Watching Your Credit Plant Sprout
Sign up for Credit Karma. It’s an easy (and free!) way to track your credit as it grows. Make sure you understand the things that impact your credit and that you don’t fall for any myths.
Your credit is impacted by 6 things:
Credit card utilization (high impact)
Payment history (high impact)
Derogatory marks (high impact)
Age of credit history (medium impact)
Total accounts (low impact)
Credit inquiries (low impact)
By paying your credit cards on time, you take care of payment history and derogatory marks.
Watering Your Credit Plant
Credit card utilization
If you want to increase your credit history quickly, I would pay off your card every fee days. The goal here is to keep your utilization between 0–9% of your limit.
Here’s how credit card utilization is graded:
0–9% = excellent
10–29% = good
30–49% = fair
50–74% = poor
75%+ = very poor
By paying off your card early and often, you’re keeping your utilization in the excellent range. You effectively have “very poor” for every other category so you need to make sure this category is an excellent. If you take one thing away from this, make it this one.
Fertilizing Your Credit Plant
Of the remaining factors, we have age of credit history (medium impact), total accounts (low impact), and credit inquiries (low impact).
Age of credit history is basically the average age of your open credit accounts:
>9 years = excellent
7–8 years = good
5–6 years = fair
2–4 years = poor
<2 years = very poor
Total accounts is basically number of opened accounts + number of closed accounts:
>21 = excellent
11–20 = good
6–10 = poor
0–5 = very poor
Credit inquiries are the number of hard credit pulls you do, this happens when you apply for credit or applied for a post-paid phone plan (don’t eat inquiries for no reason!):
0 = excellent
1–2 = good
3–4 = fair
5–8 = poor
9+ = very poor
This is where the pick your own adventure starts.
If you’re thinking long-term, you can make the argument that the optimal strategy is to apply for multiple secured cards as soon as possible. You’ll take a hit on inquiries in the short-term (not like they’ll be able to help you get anything right now anyways) and you’ll improve your total accounts.
More importantly, you’ll improve your average age of credit in the long-run. Assuming you got 4 cards in 2017. By 2020, your average age of credit (medium impact!) would be 3 years. If you did a card a year (so 2017, 2018, 2019, and 2020), your average age would be 1.5 years (6 years total / 4 cards).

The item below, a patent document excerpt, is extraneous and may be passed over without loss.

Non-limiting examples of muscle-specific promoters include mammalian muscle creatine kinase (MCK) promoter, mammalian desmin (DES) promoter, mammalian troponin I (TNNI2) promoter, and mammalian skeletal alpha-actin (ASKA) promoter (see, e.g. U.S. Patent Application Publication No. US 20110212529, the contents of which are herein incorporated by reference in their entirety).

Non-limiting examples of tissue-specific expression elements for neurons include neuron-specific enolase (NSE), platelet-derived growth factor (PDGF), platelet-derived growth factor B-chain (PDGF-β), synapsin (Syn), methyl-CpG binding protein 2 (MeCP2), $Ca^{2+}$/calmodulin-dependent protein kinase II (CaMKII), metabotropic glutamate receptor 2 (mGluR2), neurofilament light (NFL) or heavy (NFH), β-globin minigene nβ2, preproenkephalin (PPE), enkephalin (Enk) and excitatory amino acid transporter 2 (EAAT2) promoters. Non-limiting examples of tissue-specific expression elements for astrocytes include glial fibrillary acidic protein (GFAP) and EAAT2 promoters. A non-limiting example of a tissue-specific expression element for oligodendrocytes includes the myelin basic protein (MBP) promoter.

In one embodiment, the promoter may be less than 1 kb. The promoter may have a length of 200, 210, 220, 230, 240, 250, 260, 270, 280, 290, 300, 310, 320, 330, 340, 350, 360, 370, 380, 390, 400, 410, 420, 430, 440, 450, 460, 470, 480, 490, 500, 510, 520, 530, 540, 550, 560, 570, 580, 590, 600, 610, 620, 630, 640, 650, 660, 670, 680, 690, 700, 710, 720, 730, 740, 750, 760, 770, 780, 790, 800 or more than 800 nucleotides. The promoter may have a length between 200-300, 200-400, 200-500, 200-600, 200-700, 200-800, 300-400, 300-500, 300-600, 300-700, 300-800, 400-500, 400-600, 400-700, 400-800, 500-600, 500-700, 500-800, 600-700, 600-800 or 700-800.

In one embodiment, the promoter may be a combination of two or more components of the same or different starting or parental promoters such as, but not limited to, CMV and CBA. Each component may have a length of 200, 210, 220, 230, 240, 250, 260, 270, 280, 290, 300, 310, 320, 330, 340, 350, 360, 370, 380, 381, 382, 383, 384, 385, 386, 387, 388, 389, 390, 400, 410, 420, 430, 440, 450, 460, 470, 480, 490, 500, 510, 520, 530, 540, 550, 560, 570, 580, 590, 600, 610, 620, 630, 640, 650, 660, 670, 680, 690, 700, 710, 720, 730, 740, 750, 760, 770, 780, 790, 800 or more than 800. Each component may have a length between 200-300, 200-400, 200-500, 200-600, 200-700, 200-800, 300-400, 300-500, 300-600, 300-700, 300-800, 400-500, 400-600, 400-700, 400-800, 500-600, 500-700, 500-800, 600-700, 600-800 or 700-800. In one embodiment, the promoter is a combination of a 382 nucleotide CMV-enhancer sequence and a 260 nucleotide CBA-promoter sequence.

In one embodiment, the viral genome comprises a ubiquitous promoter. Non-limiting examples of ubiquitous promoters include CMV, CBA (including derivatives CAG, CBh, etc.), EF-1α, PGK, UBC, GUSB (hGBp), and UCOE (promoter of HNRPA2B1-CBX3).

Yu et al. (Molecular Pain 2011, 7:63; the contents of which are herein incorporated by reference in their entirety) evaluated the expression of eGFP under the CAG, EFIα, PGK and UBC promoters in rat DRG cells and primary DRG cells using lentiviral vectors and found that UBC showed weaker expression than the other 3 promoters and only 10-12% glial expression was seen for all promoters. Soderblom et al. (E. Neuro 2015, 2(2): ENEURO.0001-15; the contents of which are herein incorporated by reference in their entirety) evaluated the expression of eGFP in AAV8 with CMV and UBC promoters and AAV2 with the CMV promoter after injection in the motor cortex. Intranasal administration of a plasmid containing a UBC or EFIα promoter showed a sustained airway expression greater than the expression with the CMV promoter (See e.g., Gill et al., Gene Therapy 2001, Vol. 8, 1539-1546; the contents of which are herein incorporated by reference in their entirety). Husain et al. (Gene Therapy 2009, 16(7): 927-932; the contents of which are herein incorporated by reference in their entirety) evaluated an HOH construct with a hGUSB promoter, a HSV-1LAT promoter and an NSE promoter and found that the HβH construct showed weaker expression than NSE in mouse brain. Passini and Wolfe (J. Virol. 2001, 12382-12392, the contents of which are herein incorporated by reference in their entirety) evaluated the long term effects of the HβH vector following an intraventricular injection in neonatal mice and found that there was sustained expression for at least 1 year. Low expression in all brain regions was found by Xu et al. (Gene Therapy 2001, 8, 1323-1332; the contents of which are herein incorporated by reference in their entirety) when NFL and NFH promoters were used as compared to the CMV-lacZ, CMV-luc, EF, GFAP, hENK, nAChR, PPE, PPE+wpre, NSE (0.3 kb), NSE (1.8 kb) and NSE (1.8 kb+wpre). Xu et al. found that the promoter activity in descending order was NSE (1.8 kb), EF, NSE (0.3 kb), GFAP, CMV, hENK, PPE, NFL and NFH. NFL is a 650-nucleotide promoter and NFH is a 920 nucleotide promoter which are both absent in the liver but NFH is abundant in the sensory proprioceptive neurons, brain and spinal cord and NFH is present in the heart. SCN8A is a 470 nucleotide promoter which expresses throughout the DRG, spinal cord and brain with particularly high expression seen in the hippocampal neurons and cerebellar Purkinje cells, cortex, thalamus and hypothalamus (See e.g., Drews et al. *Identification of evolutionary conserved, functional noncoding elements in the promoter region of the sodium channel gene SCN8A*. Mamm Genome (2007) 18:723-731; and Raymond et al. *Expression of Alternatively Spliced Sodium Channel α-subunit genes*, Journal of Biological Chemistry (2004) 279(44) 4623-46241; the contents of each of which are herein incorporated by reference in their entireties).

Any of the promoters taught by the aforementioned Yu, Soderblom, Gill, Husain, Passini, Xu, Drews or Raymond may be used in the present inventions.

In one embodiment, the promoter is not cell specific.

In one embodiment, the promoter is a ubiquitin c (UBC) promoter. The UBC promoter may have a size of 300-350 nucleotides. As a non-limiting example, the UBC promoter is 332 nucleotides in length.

On the other hand, if you’re looking to get travel card like the Chase Sapphire Reserve or a hotel card (where you could get >$1,600 in value in the first year alone) in the next two years, it might make sense to stick to a single secured card. The main reason for this is Chase’s 5/24 rule.
In short, you’ll be unable to get certain cards regardless of your credit or income if you have more than 5 new accounts in the last 24 months. You can always get cards from other issuers, but you might be leaving a lot of value on the table, especially if you travel a lot for work.
If you do want to get these high rewards cards from Chase, you’ll likely need to get a basic card like the Slate, Freedom, or Freedom Unlimited to build a relationship. I would recommend opening a bank account with them as well.
If Long Lenny and Rewards Richard seem like too much work, just focus on your utilization. Keep your utilization low and you can pretty much do whatever you want with your credit.
Editorial Note: Opinions expressed here are the author's alone, not those of any bank, credit card issuer, airlines or hotel chain, vendors or companies, and have not been reviewed, approved, or otherwise endorsed by any of these entities.
UGC disclosure: These responses are not provided or commissioned by the bank advertiser. Responses have not been reviewed, approved or otherwise endorsed by the bank advertiser. It is not the bank advertiser's responsibility to ensure all posts and/or questions are answered.